Recorded in the last year or so of W. C. Fields 'life, the classic monologue "Temperance" is as droll as it is crushingly poignant. Ravaged by alcoholism, his liver rapidly failing, an audibly fading Fields delivered this mock lecture on the evils of John Barleycorn. So we're chuckling at the self-delusion of the character, who is clearly a drunk, but the performance is being delivered by an actual drunk. Oh, the denial. Substance abuse experts would have a, uh, field day with that one, but the rest of us can simply enjoy the wit and perhaps unintentional wisdom.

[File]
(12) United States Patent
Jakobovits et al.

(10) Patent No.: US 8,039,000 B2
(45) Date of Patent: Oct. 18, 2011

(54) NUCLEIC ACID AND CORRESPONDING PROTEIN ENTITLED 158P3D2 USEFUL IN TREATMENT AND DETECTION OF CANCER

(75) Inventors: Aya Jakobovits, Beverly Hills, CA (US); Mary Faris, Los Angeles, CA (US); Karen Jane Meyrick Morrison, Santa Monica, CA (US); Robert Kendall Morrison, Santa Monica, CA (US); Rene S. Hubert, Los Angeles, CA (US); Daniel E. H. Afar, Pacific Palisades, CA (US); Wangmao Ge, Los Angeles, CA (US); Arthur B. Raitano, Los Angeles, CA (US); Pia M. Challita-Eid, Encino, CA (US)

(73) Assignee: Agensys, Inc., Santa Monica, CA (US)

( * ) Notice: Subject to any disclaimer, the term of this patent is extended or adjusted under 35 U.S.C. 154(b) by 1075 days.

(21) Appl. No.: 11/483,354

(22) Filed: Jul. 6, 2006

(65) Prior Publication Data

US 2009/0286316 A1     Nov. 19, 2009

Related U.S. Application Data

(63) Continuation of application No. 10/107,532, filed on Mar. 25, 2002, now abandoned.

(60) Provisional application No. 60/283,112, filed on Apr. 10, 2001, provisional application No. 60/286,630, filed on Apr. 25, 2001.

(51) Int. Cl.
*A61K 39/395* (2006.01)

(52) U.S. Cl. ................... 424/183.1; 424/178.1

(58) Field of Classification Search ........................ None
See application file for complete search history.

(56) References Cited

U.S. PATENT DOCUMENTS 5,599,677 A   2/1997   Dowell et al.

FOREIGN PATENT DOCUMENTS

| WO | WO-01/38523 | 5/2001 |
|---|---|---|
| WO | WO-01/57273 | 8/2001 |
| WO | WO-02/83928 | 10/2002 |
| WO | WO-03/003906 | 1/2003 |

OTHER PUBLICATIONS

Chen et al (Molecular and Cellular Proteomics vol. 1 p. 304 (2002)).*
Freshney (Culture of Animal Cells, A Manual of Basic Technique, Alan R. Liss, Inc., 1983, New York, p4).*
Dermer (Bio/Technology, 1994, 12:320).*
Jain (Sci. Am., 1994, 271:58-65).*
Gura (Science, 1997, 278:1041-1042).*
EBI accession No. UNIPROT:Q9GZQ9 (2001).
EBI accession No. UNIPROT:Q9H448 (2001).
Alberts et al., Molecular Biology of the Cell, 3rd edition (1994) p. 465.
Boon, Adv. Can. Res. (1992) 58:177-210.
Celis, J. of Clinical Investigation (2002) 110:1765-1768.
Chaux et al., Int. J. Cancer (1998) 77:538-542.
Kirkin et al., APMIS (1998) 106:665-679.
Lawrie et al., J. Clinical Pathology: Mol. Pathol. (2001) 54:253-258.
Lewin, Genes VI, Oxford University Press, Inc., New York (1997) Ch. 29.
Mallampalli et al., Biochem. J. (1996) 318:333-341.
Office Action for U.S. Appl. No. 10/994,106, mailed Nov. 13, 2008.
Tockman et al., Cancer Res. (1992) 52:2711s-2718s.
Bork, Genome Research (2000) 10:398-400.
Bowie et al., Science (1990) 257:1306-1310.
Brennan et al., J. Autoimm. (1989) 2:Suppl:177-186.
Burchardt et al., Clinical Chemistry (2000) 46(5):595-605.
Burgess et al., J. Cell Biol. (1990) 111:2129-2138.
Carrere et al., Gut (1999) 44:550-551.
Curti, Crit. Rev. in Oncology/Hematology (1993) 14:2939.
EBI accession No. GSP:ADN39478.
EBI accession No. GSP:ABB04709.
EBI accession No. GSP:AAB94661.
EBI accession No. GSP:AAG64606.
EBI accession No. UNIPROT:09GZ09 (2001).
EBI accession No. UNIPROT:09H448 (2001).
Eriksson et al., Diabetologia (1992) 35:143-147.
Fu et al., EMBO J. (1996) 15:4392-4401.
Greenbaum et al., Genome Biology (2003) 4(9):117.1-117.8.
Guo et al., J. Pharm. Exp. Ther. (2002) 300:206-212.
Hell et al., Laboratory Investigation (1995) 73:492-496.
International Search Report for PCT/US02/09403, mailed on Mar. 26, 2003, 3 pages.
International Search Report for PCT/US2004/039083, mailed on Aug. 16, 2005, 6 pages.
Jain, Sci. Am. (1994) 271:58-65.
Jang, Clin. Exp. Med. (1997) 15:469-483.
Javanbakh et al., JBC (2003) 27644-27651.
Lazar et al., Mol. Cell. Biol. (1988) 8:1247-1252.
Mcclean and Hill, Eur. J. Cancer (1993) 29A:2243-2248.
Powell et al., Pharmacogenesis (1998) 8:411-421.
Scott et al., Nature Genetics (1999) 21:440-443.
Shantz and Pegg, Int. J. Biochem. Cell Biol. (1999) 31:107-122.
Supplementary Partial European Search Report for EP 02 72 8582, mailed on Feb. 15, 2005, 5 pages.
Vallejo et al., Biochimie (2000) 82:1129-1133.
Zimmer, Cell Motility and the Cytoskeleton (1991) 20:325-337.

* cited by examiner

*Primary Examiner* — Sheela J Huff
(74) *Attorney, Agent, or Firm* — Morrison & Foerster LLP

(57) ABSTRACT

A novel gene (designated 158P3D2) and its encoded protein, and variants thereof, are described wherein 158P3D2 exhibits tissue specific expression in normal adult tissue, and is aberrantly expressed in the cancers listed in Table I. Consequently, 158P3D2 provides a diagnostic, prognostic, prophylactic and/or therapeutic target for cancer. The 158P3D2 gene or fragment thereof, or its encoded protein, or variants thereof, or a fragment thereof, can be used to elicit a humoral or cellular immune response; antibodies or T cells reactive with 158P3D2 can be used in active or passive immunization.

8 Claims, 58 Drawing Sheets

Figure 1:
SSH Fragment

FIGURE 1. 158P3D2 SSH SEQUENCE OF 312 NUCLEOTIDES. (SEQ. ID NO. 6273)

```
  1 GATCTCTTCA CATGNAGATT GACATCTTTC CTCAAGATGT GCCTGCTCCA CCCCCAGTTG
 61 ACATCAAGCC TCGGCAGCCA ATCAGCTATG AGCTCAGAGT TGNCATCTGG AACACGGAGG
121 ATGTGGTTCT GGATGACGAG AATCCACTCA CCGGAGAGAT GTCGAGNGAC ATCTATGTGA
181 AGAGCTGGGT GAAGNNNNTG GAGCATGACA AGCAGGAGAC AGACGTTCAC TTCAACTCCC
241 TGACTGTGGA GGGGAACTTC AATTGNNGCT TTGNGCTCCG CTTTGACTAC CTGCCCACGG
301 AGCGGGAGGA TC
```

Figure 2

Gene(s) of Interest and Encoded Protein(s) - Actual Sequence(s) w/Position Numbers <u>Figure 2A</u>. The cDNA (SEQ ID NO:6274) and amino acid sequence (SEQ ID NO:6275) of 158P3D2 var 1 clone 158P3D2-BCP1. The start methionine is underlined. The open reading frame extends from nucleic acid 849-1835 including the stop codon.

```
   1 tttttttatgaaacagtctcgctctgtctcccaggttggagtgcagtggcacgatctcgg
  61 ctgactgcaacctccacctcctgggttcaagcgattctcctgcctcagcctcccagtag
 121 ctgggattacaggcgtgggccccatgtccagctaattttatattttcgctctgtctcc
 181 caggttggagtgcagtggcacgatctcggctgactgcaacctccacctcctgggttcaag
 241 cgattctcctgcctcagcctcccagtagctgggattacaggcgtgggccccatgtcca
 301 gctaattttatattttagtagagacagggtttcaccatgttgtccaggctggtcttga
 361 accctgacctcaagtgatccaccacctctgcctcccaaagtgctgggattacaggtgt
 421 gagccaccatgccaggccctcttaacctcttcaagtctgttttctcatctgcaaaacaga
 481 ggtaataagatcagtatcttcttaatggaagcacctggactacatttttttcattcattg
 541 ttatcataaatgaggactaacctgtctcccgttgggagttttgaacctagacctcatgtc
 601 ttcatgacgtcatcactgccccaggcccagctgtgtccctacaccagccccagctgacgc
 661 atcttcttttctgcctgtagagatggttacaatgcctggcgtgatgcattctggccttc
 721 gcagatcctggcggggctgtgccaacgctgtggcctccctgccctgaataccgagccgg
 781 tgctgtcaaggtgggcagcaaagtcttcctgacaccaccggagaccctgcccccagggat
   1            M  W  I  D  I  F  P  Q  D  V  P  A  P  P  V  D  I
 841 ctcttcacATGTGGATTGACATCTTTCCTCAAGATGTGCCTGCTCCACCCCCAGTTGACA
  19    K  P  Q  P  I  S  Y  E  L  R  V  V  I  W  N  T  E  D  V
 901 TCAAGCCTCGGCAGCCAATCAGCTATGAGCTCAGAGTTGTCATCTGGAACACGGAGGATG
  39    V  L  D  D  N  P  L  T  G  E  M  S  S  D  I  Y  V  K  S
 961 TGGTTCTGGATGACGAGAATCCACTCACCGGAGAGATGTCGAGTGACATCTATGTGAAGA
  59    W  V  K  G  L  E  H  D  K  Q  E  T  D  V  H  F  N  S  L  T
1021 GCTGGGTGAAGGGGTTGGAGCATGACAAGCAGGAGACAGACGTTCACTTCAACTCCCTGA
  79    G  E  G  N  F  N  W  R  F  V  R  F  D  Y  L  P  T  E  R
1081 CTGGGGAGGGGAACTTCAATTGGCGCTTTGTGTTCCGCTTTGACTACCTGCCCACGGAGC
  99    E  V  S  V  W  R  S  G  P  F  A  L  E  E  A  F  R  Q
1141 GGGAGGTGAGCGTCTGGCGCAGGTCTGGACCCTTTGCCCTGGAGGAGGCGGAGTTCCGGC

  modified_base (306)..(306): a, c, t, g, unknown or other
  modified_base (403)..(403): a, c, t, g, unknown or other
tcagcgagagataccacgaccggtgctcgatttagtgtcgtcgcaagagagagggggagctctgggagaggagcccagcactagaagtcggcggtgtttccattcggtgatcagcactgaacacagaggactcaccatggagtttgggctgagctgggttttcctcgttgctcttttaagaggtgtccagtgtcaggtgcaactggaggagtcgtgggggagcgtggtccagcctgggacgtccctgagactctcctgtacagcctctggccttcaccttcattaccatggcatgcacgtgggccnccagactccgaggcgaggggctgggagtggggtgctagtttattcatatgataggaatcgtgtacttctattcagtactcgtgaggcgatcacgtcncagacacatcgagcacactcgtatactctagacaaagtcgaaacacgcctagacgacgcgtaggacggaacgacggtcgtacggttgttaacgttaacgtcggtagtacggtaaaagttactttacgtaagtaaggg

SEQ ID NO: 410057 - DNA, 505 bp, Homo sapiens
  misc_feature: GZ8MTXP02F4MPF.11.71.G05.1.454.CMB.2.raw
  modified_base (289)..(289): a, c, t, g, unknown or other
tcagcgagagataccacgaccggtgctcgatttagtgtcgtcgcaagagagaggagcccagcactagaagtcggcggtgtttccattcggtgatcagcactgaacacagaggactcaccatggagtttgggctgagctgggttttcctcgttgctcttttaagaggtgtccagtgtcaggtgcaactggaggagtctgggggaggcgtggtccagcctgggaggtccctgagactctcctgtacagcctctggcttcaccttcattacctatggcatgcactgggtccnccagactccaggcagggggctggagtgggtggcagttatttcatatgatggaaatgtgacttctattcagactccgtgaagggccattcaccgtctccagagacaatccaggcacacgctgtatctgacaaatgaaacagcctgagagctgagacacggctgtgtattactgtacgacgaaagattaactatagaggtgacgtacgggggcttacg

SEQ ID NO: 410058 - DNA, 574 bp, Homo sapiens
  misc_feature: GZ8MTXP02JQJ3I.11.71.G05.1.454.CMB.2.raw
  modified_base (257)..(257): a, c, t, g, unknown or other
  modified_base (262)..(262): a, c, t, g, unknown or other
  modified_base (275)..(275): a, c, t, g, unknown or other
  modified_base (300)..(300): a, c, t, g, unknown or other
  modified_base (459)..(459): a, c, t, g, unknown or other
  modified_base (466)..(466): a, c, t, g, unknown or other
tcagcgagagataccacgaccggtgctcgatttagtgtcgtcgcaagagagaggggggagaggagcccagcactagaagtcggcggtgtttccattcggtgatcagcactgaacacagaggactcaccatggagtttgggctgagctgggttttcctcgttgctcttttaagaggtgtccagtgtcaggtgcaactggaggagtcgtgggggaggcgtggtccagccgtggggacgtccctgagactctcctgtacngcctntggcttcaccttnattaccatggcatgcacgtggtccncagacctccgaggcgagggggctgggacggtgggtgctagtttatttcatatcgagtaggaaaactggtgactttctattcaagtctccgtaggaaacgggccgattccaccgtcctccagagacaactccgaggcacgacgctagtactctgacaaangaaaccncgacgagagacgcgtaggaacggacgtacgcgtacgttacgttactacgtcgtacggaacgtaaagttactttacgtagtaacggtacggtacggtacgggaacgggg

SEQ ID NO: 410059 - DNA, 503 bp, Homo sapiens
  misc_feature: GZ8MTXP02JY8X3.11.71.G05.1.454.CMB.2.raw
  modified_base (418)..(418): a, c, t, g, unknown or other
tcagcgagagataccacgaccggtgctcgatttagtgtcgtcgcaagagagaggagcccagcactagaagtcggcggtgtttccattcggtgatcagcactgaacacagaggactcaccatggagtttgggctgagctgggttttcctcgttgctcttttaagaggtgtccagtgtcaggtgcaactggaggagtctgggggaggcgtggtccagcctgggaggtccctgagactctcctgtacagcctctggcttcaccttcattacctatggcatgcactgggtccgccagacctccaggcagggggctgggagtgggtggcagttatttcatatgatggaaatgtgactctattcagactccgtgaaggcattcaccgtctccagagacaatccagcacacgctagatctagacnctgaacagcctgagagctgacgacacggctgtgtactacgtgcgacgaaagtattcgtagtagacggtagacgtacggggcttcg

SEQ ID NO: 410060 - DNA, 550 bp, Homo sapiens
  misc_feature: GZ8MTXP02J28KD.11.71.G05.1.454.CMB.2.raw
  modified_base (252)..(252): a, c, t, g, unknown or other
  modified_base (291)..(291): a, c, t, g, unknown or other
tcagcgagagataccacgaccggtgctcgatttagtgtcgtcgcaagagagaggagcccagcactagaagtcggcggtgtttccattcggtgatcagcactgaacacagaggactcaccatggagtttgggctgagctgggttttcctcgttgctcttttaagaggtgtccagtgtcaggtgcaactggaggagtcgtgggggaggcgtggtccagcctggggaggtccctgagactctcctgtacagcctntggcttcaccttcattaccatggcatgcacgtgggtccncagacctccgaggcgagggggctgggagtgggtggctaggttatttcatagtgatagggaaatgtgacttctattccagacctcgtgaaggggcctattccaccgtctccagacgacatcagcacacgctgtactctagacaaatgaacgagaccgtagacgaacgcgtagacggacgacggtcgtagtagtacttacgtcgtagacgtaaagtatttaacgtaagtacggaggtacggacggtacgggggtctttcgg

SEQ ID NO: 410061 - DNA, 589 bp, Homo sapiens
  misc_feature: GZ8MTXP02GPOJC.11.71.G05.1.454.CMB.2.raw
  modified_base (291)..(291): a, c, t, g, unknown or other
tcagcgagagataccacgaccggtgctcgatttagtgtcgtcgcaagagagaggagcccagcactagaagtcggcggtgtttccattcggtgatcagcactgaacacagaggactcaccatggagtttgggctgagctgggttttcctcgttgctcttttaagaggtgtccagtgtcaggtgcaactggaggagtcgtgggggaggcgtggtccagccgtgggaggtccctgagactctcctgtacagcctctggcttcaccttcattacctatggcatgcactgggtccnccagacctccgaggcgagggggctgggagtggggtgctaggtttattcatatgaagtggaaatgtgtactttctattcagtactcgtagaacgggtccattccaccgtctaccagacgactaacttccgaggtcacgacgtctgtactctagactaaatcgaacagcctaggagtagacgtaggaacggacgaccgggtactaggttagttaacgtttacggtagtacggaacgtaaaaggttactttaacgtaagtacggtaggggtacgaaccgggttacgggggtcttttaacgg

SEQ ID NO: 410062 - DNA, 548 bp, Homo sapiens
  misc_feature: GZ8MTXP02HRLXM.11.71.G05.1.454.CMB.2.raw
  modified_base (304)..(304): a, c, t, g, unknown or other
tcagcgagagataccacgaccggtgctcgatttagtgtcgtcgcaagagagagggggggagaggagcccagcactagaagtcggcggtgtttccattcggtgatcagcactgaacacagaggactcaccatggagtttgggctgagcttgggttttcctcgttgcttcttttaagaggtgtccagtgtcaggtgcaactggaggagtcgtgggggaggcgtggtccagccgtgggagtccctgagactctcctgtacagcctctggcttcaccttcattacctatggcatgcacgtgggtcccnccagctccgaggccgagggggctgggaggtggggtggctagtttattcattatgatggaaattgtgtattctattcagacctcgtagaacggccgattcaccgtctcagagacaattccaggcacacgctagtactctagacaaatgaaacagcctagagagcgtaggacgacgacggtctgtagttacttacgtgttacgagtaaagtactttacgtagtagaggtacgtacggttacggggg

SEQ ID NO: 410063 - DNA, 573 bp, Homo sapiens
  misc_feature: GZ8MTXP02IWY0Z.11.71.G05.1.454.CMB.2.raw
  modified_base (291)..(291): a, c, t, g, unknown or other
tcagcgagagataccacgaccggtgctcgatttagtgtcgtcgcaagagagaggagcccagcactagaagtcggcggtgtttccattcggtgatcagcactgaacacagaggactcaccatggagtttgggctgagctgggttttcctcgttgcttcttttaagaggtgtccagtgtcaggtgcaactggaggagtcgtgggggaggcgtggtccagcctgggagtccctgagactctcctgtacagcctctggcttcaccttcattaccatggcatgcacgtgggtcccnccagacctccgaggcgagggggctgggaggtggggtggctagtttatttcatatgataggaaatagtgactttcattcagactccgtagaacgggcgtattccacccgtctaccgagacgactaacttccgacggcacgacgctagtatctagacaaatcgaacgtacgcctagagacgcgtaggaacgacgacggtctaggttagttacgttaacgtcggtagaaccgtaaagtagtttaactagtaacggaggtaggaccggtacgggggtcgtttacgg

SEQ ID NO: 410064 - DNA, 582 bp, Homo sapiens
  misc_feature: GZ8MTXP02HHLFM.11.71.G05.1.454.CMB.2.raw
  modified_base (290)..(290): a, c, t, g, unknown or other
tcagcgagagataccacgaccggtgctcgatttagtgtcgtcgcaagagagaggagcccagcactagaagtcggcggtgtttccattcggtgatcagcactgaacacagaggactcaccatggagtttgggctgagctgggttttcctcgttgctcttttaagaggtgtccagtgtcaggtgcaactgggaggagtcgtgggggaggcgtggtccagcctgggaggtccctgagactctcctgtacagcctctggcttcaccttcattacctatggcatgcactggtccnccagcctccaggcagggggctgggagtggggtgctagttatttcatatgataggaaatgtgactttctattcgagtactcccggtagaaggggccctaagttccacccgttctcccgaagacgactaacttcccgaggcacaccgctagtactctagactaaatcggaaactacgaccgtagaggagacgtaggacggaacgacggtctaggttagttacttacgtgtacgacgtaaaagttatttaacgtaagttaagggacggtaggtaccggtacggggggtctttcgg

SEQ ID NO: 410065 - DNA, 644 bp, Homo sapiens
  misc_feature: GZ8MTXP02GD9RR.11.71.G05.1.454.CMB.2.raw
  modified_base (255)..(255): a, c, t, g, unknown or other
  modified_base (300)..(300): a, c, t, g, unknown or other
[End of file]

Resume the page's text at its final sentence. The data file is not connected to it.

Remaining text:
"A man who overindulges lives in a dream," Fields notes. "He becomes conceited. He thinks the whole world revolves around him… and it usually does." He was referring to the spins, of course, but it's actually also a perceptive joke about the self-centered wreckage inflicted by the serial substance abuser. The rest of this album is just a narrated assortment of audio clips from Fields 'movies — funny stuff, to be sure, but better off skipping those and just watching genius movies like The Bank Dick, The Man on the Flying Trapeze and Never Give a Sucker an Even Break.